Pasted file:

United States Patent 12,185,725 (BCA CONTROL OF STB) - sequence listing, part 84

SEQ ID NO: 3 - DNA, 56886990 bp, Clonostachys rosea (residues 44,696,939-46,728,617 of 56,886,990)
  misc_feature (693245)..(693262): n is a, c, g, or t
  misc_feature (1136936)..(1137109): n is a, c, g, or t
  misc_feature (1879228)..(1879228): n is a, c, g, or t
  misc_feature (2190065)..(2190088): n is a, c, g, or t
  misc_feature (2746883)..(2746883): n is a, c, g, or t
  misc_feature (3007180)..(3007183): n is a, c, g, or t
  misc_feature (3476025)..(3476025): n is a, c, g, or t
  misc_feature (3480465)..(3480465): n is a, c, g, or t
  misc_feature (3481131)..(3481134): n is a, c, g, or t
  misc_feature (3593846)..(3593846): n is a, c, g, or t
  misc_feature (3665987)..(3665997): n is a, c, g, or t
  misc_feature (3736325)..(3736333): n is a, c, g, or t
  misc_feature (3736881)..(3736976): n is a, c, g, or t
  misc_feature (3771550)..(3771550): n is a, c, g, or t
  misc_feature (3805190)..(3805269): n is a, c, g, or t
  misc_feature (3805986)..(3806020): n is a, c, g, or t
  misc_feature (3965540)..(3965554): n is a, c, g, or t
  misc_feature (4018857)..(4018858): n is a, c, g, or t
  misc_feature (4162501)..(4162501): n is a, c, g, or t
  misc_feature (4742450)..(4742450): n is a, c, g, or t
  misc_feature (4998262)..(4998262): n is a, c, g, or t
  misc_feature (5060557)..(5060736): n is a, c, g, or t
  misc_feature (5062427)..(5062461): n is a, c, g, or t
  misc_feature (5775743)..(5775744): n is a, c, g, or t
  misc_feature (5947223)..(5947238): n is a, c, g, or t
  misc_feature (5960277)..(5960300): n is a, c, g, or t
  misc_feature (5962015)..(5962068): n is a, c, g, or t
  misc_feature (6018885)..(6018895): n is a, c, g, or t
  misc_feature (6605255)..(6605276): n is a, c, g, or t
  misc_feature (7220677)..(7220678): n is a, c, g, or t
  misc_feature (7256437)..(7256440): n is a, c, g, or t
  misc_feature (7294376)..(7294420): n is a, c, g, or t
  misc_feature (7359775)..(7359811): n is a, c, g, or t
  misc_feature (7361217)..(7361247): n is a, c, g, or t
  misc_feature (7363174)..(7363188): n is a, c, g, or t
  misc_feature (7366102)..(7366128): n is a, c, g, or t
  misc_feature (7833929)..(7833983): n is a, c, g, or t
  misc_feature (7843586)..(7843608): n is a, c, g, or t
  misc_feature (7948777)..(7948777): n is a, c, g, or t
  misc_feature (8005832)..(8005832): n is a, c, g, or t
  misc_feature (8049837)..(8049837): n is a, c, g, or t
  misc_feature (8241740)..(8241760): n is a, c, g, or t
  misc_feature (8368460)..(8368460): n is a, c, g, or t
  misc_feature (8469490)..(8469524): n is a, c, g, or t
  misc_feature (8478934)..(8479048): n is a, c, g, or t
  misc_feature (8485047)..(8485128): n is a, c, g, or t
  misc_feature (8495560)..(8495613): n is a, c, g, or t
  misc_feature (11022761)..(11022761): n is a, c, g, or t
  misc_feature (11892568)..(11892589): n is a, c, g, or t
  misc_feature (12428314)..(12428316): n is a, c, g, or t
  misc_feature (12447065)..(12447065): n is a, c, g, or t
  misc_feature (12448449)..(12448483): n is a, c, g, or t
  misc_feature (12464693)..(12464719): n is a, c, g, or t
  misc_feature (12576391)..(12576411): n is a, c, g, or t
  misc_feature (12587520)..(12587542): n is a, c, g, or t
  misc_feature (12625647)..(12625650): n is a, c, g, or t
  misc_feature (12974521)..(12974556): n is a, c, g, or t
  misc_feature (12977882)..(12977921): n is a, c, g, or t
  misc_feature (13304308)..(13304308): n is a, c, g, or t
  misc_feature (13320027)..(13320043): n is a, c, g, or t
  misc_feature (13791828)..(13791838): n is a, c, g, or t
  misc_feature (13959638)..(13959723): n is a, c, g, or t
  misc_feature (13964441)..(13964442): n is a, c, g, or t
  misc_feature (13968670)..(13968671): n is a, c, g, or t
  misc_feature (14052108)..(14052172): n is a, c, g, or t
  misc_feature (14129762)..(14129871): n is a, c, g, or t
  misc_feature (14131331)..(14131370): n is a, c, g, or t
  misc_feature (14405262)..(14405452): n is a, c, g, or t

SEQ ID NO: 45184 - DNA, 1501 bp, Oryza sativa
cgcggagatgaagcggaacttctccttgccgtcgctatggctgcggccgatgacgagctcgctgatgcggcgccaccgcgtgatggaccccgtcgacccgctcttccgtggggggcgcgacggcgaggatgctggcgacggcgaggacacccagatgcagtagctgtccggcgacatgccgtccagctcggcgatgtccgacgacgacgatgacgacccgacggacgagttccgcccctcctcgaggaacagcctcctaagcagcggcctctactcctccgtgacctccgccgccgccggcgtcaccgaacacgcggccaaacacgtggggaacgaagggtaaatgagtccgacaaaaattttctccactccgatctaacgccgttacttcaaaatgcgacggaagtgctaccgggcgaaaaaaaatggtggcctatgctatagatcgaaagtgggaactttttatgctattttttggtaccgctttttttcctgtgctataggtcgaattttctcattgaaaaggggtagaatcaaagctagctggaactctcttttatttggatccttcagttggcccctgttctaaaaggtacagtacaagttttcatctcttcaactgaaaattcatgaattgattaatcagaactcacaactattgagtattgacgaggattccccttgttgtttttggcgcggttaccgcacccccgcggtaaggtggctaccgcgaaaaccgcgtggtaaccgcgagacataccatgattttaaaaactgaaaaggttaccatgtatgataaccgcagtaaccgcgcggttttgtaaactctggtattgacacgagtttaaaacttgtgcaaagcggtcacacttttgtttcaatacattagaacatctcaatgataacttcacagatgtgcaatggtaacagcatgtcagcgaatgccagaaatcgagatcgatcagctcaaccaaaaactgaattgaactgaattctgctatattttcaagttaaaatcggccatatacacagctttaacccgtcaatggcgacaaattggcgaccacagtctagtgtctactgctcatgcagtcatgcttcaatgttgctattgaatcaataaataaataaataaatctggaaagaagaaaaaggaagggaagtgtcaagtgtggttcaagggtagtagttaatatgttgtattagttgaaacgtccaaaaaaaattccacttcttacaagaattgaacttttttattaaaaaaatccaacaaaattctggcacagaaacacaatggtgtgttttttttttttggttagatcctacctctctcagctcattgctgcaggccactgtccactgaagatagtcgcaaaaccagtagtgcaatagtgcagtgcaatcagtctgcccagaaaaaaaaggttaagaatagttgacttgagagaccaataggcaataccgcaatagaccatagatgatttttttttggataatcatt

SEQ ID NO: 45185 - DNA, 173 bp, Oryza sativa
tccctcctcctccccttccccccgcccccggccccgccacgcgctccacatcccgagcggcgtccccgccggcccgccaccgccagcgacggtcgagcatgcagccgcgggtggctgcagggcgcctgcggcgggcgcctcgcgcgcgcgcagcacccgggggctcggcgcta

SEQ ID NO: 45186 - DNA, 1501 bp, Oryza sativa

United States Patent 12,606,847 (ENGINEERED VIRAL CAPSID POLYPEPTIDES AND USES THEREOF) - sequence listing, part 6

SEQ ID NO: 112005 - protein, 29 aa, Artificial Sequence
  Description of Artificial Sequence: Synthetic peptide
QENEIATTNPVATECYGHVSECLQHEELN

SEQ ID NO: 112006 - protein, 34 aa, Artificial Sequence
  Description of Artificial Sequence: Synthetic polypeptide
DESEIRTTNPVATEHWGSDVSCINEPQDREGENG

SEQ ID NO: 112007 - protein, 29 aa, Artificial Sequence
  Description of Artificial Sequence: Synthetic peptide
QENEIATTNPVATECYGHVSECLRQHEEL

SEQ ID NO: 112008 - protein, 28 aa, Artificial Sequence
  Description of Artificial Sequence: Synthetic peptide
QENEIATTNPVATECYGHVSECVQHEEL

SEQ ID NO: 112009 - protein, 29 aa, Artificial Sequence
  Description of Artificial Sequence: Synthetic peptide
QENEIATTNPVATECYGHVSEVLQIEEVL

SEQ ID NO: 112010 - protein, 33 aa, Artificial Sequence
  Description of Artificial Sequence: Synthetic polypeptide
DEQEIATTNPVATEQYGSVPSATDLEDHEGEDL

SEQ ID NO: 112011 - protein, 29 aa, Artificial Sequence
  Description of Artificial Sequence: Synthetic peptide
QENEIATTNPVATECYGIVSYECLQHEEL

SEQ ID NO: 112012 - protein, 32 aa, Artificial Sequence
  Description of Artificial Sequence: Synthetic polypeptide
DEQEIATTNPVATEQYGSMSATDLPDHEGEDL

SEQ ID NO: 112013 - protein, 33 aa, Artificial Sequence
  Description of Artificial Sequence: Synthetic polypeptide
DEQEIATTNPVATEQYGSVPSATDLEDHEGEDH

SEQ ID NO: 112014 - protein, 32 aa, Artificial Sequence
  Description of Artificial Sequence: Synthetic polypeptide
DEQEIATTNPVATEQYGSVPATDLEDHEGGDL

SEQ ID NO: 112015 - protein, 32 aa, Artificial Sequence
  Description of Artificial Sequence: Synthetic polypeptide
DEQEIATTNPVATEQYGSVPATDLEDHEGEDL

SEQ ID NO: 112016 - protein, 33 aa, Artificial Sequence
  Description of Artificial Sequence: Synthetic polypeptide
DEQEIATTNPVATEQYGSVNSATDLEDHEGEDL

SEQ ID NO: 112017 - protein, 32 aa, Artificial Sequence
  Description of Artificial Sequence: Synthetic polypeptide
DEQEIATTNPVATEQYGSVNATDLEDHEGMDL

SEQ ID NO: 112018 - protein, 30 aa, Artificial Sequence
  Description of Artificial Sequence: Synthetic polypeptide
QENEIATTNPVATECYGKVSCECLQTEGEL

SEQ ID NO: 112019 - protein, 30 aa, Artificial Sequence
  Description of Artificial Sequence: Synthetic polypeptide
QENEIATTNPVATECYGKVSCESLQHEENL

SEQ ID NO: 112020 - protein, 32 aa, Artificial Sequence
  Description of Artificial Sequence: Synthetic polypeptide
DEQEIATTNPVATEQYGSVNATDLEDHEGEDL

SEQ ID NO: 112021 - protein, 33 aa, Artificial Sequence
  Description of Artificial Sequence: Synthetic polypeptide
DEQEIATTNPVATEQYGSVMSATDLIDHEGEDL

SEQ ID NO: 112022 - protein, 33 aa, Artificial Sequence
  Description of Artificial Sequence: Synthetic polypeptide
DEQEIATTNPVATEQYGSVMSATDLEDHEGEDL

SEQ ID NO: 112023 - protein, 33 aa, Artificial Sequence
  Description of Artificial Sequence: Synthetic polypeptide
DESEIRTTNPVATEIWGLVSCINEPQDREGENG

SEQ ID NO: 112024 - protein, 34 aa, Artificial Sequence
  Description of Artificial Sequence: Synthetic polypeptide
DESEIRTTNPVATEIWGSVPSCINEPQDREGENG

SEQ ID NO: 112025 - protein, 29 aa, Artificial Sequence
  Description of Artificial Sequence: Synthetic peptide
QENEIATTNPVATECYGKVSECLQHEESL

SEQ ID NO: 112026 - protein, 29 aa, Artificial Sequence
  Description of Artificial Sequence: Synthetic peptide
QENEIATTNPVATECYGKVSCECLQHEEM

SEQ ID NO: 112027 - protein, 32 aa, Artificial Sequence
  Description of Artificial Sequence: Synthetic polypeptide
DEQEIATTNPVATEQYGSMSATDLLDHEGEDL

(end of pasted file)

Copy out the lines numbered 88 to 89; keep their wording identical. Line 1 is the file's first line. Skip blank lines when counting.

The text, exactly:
QENEIATTNPVATECYGHVSECVQHEEL

SEQ ID NO: 112009 - protein, 29 aa, Artificial Sequence